Walker Calhoun was a Cherokee musician, dancer, and teacher. During his lifetime, he was honored for his work with the inaugural Sequoyah Award (1988), a North Carolina Folk Heritage Award (1990) and a National Heritage Fellowship from the National Endowment for the Arts (1992). In celebration of National Native American Heritage Month, we are proud to share a revised version of his biography that was written for the 1990 North Carolina Folk Heritage Award Ceremony. We are grateful for his service to this state and his people.
Walker Calhoun received the North Carolina Folk Heritage Award for teaching and preserving the traditional culture of the Eastern Band of Cherokee Indians. Born and raised in the Big Cove community on the Qualla Reservation, Mr. Calhoun kept alive ancient and endangered ceremonial arts and customs. In addition, he was a respected medicine man and spiritual leader, who was highly knowledgeable of Cherokee history, lore, religious practices and herbal healing.
Since the arrival of British and European colonists in North America, beginning five centuries ago, American Indian culture has been under constant assault. Many tribes were annihilated, while many others suffered the loss of their native language and traditions. The majority of Cherokee people who inhabited the southeastern part of the United States were removed from their homes in the mid-1830s and resettled in the Oklahoma Territory. The infamous forced march west because known as the “Trail of Tears.”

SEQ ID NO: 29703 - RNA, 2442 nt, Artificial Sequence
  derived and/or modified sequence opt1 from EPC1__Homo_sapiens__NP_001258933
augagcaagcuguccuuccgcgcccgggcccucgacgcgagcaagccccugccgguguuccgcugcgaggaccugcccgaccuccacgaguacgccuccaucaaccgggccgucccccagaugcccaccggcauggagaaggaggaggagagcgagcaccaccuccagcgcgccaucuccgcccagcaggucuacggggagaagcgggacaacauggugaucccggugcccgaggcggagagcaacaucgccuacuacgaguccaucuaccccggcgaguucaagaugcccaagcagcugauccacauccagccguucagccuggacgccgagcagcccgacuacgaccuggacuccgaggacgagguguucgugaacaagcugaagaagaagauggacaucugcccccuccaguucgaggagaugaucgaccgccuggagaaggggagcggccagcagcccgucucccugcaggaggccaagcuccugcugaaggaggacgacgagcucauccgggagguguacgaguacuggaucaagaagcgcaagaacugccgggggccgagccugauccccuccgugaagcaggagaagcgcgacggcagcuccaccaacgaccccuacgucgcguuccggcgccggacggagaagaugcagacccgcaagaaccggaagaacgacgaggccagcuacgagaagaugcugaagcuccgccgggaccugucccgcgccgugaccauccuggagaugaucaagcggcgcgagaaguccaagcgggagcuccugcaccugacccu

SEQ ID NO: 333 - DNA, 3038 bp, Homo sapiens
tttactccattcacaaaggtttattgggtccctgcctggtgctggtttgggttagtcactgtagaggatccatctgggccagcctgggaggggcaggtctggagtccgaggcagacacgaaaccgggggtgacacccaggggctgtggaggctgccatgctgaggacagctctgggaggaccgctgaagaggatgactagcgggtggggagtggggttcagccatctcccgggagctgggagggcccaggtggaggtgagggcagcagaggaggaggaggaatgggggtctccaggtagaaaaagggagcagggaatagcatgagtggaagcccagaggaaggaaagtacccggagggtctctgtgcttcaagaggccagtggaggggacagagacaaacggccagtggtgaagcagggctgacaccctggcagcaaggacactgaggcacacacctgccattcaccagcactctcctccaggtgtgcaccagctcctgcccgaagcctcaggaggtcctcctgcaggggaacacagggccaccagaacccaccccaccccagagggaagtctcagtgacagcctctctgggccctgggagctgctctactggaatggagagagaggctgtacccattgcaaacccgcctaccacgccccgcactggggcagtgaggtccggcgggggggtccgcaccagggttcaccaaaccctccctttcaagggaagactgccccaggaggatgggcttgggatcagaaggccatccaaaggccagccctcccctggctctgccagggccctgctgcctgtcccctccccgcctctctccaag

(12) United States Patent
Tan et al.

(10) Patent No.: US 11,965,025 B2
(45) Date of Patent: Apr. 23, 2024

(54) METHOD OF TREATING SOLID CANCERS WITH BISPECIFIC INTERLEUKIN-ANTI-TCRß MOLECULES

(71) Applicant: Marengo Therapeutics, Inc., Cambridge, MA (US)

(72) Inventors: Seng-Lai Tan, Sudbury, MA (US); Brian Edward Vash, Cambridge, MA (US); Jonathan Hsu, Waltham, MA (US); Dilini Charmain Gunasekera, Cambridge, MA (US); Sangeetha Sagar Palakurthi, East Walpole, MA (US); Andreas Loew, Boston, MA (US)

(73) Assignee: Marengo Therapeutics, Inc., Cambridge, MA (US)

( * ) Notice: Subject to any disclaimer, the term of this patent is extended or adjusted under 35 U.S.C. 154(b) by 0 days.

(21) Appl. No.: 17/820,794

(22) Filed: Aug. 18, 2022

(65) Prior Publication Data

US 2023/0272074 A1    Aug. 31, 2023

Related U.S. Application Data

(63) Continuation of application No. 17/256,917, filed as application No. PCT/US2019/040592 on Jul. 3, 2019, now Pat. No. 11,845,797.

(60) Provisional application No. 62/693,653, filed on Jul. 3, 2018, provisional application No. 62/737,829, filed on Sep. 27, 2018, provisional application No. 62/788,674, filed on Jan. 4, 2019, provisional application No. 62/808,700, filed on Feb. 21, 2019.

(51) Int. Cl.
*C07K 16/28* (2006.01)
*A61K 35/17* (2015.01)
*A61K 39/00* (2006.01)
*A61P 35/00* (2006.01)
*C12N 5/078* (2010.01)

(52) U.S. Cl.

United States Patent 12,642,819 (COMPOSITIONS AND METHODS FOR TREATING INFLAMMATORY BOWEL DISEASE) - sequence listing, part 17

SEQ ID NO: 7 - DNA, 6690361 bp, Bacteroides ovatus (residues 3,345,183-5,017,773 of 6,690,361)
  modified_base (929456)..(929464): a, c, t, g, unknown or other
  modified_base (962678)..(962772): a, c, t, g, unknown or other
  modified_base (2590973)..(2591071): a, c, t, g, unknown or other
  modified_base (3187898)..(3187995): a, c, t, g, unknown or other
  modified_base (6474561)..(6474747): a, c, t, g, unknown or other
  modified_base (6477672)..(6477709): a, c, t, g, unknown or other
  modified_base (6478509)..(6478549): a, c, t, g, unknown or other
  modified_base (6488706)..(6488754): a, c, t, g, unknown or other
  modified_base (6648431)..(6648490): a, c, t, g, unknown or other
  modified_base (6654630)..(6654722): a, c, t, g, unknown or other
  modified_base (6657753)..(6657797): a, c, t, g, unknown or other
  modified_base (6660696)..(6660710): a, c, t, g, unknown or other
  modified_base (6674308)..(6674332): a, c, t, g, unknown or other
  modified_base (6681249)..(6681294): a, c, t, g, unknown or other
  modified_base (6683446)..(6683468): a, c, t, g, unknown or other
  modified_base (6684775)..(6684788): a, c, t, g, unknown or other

A few Cherokee families evaded the soldiers by hiding in remote hollows in the Great Smoky Mountains, such as Big Cove. But even after the Removal, religious missionaries worked to eradicate what little remained of ceremonial practices, which they considered to be pagan in nature. Ritual dance and song traditions declined so rapidly in the nineteenth century that only remnants of the principal ceremonies of the Cherokee survived in outlying sections of the reservation in western North Carolina.
The preservation of elements of traditional Cherokee culture today are owed to the efforts of a few individuals such as Mr. Calhoun and Mr. Will West Long, who served as Mr. Calhoun’s mentor and teacher. Mr. Long has been credited with the rescue of much of what remains of traditional practices indigenous to Big Cove.
Following Mr. Long’s death in 1947, Mr. Calhoun and several of his relatives began to teach ceremonial dances and medicine songs to the younger generations. He also organized a dance group named the Raven Rock Dancers, which continues to perform at pow-wows and special events. At an historic gathering of the Eastern and Oklahoma Cherokee Indians, which took place for the first time in 1984, Mr. Calhoun was called upon to lead an important ceremonial dance. At a subsequent gathering of the Cherokee nation, he was honored with the first Sequoyah Award.
Mr. Calhoun visited Oklahoma as often as possible to share traditional songs and dances with his kindred to the west. He in turn was visited at Big Cove by a group of Oklahoma Cherokee, who worked to help him revive the ancient Stomp Dance tradition of North Carolina.